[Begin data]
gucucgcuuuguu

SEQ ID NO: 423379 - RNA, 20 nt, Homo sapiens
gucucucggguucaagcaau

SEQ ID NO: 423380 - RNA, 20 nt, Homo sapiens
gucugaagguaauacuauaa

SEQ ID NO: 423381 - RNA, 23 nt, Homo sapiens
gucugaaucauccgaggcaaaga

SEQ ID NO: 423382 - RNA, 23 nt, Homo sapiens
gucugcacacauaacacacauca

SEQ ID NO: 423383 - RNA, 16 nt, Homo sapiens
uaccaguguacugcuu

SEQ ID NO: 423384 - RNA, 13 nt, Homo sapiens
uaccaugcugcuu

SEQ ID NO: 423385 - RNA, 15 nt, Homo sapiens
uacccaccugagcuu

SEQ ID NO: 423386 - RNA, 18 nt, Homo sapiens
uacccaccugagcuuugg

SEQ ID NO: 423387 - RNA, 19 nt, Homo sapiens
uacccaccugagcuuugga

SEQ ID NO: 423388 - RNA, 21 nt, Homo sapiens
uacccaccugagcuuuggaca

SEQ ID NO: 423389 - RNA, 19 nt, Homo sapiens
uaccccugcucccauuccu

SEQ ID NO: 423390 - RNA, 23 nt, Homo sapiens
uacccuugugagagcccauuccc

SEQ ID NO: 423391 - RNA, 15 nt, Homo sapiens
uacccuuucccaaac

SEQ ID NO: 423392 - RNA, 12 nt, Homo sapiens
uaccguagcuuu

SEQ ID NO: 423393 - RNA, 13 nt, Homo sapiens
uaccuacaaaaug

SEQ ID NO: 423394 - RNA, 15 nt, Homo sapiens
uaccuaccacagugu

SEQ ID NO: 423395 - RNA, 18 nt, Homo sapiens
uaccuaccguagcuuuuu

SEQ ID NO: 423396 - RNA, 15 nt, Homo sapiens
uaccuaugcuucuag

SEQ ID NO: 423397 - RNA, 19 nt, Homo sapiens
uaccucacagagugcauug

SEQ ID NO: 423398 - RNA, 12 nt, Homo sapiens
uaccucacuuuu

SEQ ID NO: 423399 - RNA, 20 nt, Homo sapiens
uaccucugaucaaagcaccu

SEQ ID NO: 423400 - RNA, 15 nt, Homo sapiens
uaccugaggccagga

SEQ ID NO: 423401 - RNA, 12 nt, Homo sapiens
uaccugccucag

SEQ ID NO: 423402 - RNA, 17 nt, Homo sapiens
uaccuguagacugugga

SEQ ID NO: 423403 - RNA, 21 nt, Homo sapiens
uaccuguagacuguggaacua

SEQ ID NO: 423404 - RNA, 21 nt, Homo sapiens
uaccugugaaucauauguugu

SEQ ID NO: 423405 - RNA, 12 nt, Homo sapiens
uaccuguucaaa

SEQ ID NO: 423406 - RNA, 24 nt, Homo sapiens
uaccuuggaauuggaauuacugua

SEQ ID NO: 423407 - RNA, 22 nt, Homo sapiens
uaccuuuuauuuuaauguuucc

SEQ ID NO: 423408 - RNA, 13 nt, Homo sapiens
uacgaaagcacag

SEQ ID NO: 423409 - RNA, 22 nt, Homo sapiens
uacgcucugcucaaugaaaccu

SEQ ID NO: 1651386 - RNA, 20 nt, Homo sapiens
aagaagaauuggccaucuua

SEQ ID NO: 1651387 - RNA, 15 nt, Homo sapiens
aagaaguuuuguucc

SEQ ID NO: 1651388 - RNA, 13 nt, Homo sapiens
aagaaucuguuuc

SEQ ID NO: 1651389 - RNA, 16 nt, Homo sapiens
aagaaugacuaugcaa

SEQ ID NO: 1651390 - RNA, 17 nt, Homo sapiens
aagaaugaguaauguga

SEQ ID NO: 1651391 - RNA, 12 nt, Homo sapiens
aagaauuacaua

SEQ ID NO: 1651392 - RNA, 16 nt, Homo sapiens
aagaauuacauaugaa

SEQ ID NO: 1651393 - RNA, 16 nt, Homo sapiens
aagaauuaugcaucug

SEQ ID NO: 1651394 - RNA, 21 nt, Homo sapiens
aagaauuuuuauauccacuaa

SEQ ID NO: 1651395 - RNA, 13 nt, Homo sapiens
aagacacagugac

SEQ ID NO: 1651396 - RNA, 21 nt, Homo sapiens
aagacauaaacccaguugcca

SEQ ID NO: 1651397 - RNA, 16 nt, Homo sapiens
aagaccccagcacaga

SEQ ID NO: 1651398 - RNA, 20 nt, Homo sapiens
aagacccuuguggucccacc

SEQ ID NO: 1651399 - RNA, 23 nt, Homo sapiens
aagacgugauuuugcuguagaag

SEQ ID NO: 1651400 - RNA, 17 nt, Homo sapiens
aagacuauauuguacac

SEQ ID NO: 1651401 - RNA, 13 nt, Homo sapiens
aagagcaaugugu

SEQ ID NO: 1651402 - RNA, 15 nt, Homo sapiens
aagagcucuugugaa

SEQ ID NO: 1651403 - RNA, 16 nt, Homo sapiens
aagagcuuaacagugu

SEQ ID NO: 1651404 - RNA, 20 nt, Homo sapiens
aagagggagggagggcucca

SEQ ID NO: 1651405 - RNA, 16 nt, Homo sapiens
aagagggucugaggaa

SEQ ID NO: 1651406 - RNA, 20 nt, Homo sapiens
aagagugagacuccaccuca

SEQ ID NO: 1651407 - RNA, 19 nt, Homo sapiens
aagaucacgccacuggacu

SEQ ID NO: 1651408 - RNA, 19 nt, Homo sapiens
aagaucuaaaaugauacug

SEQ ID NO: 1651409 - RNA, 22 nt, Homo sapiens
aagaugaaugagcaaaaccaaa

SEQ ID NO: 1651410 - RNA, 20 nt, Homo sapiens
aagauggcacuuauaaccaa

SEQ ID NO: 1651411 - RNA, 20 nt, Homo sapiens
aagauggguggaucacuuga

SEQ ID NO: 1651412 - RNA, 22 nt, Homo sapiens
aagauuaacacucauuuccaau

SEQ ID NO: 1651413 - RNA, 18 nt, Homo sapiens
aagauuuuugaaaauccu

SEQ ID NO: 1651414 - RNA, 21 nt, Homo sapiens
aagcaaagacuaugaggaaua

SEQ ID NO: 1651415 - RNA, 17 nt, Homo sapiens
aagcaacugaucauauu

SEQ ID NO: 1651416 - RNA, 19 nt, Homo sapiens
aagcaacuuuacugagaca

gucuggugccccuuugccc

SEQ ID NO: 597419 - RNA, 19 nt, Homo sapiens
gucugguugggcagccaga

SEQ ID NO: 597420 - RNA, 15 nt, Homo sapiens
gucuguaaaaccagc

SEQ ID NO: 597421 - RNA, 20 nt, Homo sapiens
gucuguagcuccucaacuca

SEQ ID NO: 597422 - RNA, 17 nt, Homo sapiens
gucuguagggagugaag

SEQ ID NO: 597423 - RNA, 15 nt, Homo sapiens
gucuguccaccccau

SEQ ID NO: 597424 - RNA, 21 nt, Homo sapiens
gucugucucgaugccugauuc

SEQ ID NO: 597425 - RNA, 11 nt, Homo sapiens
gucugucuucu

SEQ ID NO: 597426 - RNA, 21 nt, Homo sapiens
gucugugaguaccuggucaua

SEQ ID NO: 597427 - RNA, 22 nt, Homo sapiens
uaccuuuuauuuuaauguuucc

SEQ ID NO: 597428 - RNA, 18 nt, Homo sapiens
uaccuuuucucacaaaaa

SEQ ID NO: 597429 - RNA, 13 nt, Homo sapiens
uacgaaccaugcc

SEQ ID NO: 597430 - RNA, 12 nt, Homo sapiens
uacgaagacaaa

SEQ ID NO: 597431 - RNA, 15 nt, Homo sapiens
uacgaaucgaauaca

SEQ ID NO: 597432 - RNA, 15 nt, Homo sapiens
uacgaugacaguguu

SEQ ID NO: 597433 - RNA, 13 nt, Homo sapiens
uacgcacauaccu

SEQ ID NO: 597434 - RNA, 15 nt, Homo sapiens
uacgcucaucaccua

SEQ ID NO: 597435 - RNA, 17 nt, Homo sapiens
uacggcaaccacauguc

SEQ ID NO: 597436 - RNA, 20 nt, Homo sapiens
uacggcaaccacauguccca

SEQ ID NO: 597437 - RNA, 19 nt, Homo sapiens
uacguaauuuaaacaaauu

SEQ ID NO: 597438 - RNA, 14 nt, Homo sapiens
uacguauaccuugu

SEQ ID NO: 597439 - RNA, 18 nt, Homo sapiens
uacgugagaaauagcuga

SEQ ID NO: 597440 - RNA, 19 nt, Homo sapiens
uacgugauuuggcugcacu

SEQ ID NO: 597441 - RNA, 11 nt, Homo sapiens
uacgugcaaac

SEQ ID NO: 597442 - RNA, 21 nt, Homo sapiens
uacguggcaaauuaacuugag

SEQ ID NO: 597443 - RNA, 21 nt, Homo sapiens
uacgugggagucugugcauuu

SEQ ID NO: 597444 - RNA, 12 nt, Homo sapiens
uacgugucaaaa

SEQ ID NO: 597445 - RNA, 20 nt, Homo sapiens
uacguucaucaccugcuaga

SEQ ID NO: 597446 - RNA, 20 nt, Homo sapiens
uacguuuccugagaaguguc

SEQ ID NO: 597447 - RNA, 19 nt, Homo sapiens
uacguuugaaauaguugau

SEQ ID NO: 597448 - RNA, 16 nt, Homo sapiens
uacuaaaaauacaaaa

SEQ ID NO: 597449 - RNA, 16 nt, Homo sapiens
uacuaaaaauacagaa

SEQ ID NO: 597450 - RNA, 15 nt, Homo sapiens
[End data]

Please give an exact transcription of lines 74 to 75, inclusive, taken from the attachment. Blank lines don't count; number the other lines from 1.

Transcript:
SEQ ID NO: 1651391 - RNA, 12 nt, Homo sapiens
aagaauuacaua